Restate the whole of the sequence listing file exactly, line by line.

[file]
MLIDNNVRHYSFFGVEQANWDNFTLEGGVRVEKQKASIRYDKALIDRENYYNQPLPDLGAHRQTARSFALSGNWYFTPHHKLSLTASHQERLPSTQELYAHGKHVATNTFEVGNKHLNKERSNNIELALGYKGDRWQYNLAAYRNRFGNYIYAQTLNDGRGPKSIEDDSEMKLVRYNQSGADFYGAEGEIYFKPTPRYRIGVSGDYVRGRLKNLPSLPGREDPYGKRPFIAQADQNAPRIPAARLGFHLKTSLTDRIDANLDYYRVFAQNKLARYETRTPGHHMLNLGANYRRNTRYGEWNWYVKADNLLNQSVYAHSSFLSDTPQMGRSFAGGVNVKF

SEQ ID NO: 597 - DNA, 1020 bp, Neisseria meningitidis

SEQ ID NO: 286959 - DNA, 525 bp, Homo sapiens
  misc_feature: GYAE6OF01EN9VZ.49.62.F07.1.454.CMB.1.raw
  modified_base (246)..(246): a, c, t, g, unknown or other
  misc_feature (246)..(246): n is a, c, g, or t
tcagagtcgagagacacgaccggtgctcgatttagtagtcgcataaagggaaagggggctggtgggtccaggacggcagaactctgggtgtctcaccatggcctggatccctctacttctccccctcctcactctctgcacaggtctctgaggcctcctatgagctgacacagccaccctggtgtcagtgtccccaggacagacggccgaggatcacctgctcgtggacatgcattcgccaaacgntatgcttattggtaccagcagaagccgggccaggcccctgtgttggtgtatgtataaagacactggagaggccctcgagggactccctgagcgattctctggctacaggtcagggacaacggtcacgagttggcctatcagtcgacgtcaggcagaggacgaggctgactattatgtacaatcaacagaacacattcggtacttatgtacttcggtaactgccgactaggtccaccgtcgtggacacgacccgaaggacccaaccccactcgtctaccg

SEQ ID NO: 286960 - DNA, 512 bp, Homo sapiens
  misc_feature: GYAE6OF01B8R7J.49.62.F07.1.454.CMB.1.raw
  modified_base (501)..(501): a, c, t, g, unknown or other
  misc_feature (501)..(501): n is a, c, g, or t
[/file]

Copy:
MLIDNNVRHYSFFGVEQANWDNFTLEGGVRVEKQKASIRYDKALIDRENYYNQPLPDLGAHRQTARSFALSGNWYFTPHHKLSLTASHQERLPSTQELYAHGKHVATNTFEVGNKHLNKERSNNIELALGYKGDRWQYNLAAYRNRFGNYIYAQTLNDGRGPKSIEDDSEMKLVRYNQSGADFYGAEGEIYFKPTPRYRIGVSGDYVRGRLKNLPSLPGREDPYGKRPFIAQADQNAPRIPAARLGFHLKTSLTDRIDANLDYYRVFAQNKLARYETRTPGHHMLNLGANYRRNTRYGEWNWYVKADNLLNQSVYAHSSFLSDTPQMGRSFAGGVNVKF

SEQ ID NO: 597 - DNA, 1020 bp, Neisseria meningitidis

SEQ ID NO: 286959 - DNA, 525 bp, Homo sapiens
  misc_feature: GYAE6OF01EN9VZ.49.62.F07.1.454.CMB.1.raw
  modified_base (246)..(246): a, c, t, g, unknown or other
  misc_feature (246)..(246): n is a, c, g, or t
tcagagtcgagagacacgaccggtgctcgatttagtagtcgcataaagggaaagggggctggtgggtccaggacggcagaactctgggtgtctcaccatggcctggatccctctacttctccccctcctcactctctgcacaggtctctgaggcctcctatgagctgacacagccaccctggtgtcagtgtccccaggacagacggccgaggatcacctgctcgtggacatgcattcgccaaacgntatgcttattggtaccagcagaagccgggccaggcccctgtgttggtgtatgtataaagacactggagaggccctcgagggactccctgagcgattctctggctacaggtcagggacaacggtcacgagttggcctatcagtcgacgtcaggcagaggacgaggctgactattatgtacaatcaacagaacacattcggtacttatgtacttcggtaactgccgactaggtccaccgtcgtggacacgacccgaaggacccaaccccactcgtctaccg

SEQ ID NO: 286960 - DNA, 512 bp, Homo sapiens
  misc_feature: GYAE6OF01B8R7J.49.62.F07.1.454.CMB.1.raw
  modified_base (501)..(501): a, c, t, g, unknown or other
  misc_feature (501)..(501): n is a, c, g, or t